Slippery Rock University (SRU) is making its counseling services a top priority after 655 different students were seen at the heath center last fall for anxiety, making it the leading mental health concern in America in 2018, and 58 of those cases at SRU were related to suicide. In the midst of Suicide Prevention Week, it has been top of mind for Student Health Services and the counselors to make sure students know there are resources if they need them.
“One of our main missions is to help students work through any mental health issues they may have,” Kenneth Messina, the director for the Student Counseling Center said. “We like to see students before it becomes a big problem.”
Messina said the counseling center can help prevent small issues from turning into big issues and can help people before their issues become a crisis.
“At the end of the day, we don’t want it to be a student safety concern,” Messina said. “We have had a history of that on campus recently, and that’s a huge concern for us because we want our students to be safe, healthy, and happy.”
Messina said that there is no shame in getting help and mentioned that the counseling center’s hours are Monday and Tuesday from 10 a.m. until 6:30 p.m. and Wednesday and Thursday from 8 a.m. until 4:30 p.m.. The counseling center is located in Rhoads Hall, and walk-ins are welcome.
Kristine Benkeser, the director of Health Services, said that there are night-time nurses at the health center that work to supply care for students 24/7.
“It is important for students to use the health center as a resource if they need it,” Benkeser said. “It’s as simple as telling your friend who is struggling to ‘put your shoes on, we are going to the health center.’”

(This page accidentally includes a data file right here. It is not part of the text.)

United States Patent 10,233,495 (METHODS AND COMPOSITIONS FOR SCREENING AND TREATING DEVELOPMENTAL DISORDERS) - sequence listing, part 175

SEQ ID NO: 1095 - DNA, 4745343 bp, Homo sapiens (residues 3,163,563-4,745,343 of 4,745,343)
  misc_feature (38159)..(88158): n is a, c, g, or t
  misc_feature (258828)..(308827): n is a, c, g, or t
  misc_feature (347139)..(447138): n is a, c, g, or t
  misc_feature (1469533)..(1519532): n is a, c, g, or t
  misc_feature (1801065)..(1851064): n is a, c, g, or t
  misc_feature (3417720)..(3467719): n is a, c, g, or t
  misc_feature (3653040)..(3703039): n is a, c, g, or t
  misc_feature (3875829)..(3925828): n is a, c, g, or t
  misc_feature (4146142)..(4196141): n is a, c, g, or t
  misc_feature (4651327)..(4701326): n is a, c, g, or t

Aside from on-campus counseling and the Student Health Center, the counseling center is now partnering with the Christian Counselors Collaborative at Gateway Church. This counseling center, located on 307 Center Street, is open to students and community members. Chris White, the Pastor at Gateway Church, said the church was thankful to find good counselors to work there.
“We wanted to provide an opportunity for students that wasn’t based solely for Christians,” White said. “We want anybody to be able to access it, and we are pretty grateful for our place here in town.”
One of the licensed counselors at Gateway Church, Carol Frey, said she understands the stressors that come with being a college student.
“The counseling center on campus does a great job, so we want to be a support to them,” Frey said. “Sometimes there are issues where someone might need some off-campus additional support, and also there are times where students feel more comfortable just leaving campus.”
The counseling sessions at Gateway Church work on a cost structure, and there is also a scholarship fund available, according to White.
“The cost structure works with a student’s ability to pay,” White said.
Stephen Friebe, a licensed counselor at Gateway Church, said that students should not be scared away by the cost because that is dealt with after the session. He also said, even though this is a Christian collaborative, none of the counselors will “force” their religious views on their clients.
“We are Christians, and that does inform the way that we operate, but if we never talk about spirituality, that’s okay because it is your hour,” Friebe said.
Friebe also mentioned that it’s important for anyone to seek counseling, especially while in college and with the rising epidemic and college stressors.
“How often do you get to just sit and talk to someone for an hour and have them fully listen to your problems?” Friebe asked. “I have had counseling during some of the lowest and also the best times in my life.”
The number for the counselors at Gateway Church is (855) 222-2575, and they are open year-round for students to seek help during winter and summer breaks as well.